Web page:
Lindsay Wilcox, NBC 5 News
The Texas Education Agency has no plans to investigate what The Atlanta Journal Constitution calls suspicious test scores in Houston, Dallas and other state school districts, the newspaper says those irregularities point to the possibility of cheating.
According to an investigation by The Atlanta Journal-Constitution, the Dallas Independent School District and 16 other North Texas districts exhibit suspicious test scores that point to the possibility of cheating on standardized testing.
The newspaper examined test results for 70,000 public schools across the country and found high concentrations of suspicious scores in school systems.
The Journal-Constitution said its analysis does not prove cheating. It reveals that scores in roughly 200 districts followed a pattern that indicated cheating in multiple Atlanta schools.
However, the Texas Education Agency said it does not plan to investigate the test scores, saying it questions the newspaper's methodology. Agency spokeswoman Debbie Ratcliffe said the newspaper tracked scores by school, not by student. She said that could affect results by 20 percent.
The Journal-Constitution reported in 2008 and 2009 about statistically improbable jumps in test scores within the 109-school Atlanta Public Schools system. Those reports led to an investigation by Georgia officials, which found that at least 180 principals, teachers and other staff took part in widespread test-tampering in the 50,000-student district.
In Sunday's editions, The Journal-Constitution reported that 196 of the nation's 3,125 largest school districts had enough suspect test results that the odds of the results occurring naturally were less than one in 1,000.
For 33 districts nationwide, the odds of their test scores occurring naturally were worse than one in a million.
In nine districts -- Atlanta; Baltimore; Dallas; Detroit; East St. Louis, Ill.; Gary, Ind.; Houston; Los Angeles; and Mobile County, Ala. -- scores careened so unpredictably that the odds of such dramatic shifts occurring without an intervention such as tampering were virtually zero, the newspaper found.
The Journal-Constitution analysis found 17 North Texas districts with a 5 percent or greater test score irregularity: Wylie, Weatherford, Waxahachie, Rockwall, Midlothian, McKinney, Lewisville, Lancaster, Keller, Irving, Frisco, Duncanville, Dallas, DeSoto, Crowley, Coppell and Allen.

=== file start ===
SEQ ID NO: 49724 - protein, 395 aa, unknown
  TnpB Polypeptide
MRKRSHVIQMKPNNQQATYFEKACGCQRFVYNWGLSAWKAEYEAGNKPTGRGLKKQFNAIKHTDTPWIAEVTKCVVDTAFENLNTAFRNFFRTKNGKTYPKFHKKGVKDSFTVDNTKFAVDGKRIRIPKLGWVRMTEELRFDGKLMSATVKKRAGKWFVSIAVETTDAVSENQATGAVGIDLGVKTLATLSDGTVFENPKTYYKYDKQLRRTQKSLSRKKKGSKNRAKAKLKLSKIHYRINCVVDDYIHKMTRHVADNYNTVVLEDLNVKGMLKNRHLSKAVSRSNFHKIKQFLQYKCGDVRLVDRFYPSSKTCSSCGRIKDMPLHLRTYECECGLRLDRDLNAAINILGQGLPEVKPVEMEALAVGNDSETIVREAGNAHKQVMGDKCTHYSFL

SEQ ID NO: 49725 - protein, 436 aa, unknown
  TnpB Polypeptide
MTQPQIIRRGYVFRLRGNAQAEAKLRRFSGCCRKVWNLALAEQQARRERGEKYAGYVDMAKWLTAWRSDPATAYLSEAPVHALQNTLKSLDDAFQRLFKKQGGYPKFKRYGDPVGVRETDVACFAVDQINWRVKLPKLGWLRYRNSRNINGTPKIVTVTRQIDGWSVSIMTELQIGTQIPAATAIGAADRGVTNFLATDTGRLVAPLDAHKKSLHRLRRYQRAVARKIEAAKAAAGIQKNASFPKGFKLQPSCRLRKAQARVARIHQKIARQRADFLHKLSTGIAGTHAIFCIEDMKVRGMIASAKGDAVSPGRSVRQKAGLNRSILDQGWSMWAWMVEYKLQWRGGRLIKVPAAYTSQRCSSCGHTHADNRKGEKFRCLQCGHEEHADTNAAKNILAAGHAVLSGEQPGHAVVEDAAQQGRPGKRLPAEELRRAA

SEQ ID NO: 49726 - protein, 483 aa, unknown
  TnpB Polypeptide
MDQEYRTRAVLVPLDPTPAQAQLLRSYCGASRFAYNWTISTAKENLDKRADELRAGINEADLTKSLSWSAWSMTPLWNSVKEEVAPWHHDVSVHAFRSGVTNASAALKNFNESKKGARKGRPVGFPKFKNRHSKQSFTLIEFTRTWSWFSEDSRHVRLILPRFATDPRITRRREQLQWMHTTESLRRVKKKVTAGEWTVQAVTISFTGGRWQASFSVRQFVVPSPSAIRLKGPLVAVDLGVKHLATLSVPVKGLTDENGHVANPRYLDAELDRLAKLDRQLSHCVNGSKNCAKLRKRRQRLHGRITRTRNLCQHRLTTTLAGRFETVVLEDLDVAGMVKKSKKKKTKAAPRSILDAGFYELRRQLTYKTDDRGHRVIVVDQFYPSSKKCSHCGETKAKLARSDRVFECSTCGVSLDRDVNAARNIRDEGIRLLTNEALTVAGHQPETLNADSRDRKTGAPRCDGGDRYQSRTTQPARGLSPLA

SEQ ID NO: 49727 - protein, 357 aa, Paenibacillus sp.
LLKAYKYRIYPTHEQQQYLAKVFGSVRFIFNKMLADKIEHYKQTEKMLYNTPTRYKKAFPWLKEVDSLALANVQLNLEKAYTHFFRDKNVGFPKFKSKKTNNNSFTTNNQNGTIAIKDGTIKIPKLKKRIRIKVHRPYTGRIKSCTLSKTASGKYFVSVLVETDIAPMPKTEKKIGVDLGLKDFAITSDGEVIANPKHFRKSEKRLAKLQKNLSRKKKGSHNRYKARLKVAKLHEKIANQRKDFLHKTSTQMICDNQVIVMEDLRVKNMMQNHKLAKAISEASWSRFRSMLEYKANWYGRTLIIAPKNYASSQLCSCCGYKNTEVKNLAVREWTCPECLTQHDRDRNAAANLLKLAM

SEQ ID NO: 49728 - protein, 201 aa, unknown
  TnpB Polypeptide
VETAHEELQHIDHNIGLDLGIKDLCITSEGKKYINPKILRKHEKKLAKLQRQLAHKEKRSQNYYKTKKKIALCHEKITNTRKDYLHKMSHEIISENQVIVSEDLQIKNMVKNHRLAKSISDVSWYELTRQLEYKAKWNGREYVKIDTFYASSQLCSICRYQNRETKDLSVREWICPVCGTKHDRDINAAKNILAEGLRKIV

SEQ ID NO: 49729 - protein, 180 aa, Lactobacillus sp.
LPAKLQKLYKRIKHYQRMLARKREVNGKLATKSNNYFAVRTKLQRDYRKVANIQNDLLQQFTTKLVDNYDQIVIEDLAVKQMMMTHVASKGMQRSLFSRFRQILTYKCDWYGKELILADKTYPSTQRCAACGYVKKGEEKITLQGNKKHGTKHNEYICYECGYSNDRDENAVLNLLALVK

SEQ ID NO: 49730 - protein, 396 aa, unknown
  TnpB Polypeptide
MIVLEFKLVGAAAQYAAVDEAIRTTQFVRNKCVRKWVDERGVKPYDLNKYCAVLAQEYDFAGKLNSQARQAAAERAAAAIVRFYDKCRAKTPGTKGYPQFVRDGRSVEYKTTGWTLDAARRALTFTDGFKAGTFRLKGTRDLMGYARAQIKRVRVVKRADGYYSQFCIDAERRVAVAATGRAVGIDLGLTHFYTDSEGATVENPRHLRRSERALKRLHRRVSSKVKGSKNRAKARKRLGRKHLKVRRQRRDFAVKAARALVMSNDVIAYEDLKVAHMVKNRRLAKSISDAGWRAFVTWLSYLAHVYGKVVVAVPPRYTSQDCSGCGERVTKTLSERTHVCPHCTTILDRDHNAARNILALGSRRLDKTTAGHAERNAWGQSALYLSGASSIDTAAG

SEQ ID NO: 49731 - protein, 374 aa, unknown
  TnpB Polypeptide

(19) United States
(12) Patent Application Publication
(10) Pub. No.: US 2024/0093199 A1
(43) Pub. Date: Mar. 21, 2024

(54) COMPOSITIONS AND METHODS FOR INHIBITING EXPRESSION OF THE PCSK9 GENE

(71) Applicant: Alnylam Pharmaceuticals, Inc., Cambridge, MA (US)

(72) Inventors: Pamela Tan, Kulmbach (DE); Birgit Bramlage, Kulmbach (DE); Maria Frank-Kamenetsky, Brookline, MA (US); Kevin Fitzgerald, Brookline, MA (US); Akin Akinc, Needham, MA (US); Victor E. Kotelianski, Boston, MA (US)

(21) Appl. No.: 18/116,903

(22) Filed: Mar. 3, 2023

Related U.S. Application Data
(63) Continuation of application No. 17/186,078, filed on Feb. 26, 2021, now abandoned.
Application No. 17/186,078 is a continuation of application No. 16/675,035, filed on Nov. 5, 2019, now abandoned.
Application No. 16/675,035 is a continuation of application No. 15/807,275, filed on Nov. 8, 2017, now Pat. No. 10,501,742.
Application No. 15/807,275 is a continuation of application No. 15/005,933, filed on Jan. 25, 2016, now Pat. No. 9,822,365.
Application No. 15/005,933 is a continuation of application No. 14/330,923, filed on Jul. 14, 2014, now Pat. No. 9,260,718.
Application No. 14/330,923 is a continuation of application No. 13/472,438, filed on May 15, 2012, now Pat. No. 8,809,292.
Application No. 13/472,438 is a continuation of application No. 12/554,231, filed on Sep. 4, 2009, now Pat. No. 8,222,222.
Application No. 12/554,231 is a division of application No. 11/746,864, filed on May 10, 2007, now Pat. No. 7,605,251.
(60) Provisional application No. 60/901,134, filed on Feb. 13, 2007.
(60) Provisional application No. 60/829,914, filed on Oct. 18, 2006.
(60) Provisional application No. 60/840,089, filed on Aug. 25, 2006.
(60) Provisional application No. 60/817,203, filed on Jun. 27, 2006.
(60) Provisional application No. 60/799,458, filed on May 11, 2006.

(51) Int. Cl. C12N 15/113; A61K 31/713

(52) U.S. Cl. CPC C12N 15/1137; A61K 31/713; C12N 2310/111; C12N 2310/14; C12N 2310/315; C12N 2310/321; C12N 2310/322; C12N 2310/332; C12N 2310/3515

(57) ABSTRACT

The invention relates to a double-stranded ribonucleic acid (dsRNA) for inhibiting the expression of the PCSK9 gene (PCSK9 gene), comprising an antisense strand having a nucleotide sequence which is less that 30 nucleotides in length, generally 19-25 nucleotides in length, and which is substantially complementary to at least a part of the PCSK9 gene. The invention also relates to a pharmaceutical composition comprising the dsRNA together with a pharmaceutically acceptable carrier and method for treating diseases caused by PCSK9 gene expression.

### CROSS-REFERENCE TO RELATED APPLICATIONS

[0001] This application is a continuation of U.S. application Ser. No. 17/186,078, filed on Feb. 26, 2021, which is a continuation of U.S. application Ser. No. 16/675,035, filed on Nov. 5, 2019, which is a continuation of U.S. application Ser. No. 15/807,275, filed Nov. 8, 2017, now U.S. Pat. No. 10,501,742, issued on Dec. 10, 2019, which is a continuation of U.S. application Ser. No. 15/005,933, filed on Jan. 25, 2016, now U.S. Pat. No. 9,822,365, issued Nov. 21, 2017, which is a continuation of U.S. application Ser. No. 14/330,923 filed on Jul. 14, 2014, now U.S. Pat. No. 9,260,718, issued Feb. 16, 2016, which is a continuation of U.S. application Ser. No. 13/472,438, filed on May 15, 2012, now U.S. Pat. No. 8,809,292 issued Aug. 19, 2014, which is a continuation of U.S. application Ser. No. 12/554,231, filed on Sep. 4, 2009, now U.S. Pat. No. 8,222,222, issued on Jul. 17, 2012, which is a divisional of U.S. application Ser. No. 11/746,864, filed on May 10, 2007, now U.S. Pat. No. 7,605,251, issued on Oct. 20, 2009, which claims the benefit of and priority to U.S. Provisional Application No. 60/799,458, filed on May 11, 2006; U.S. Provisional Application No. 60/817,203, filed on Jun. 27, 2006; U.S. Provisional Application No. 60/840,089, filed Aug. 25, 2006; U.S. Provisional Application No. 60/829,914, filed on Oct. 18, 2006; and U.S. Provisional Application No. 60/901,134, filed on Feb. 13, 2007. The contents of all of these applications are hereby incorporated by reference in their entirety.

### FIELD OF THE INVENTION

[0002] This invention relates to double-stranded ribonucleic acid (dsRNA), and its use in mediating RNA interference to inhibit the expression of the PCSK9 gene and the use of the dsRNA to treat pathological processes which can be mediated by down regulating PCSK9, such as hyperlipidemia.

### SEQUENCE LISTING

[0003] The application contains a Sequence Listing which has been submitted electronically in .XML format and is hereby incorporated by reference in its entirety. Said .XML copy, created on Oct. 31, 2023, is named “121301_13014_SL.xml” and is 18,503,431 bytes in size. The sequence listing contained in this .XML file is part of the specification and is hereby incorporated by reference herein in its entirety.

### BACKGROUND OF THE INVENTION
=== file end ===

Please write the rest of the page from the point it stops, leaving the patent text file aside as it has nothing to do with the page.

The North Texas district with the highest percentage flagged in the study was Duncanville Independent School District with 23.3 percent. The largest district tagged was Dallas, with 10.76 percent.
In Houston, test results for entire grades of students jumped two, three or more times the amount expected in one year, the analysis showed. When children moved to a new grade the next year, their scores plummeted -- a finding that suggests the gains were not because of learning.
"These findings are concerning," U.S. Secretary of Education Arne Duncan said in a statement after being briefed on the Journal-Constitution analysis.
He added that "states, districts, schools and testing companies should have sensible safeguards in place to ensure tests accurately reflect student learning."
However, DISD spokesman Jon Dahlander told NBC 5 that the Texas Education Agency pointed out that the newspaper's analysis did not track students from year to year.
"Although there may be 50 students in year one and 50 students in year one, there is no reason to believe these are the same students," the agency said.
The TEA said the Journal-Constitution's analysis had several limitations.
The newspaper's method did not account for false positives, did not make adjustments to account for small campus sizes and did not take into account student data. The analysis also flagged schools that were underperforming, which "does not necessarily make sense in the context of a cheating investigation," the TEA said.
Ratcliffe said that TEA authorities had contacted districts that were implicated in the Journal-Constitution story to ensure they were analyzing necessary data and talking to school principals. Uncovering wrongdoing is up to individual school districts, she said.
NBC 5's Lindsay Wilcox and Greg Janda contributed to this report.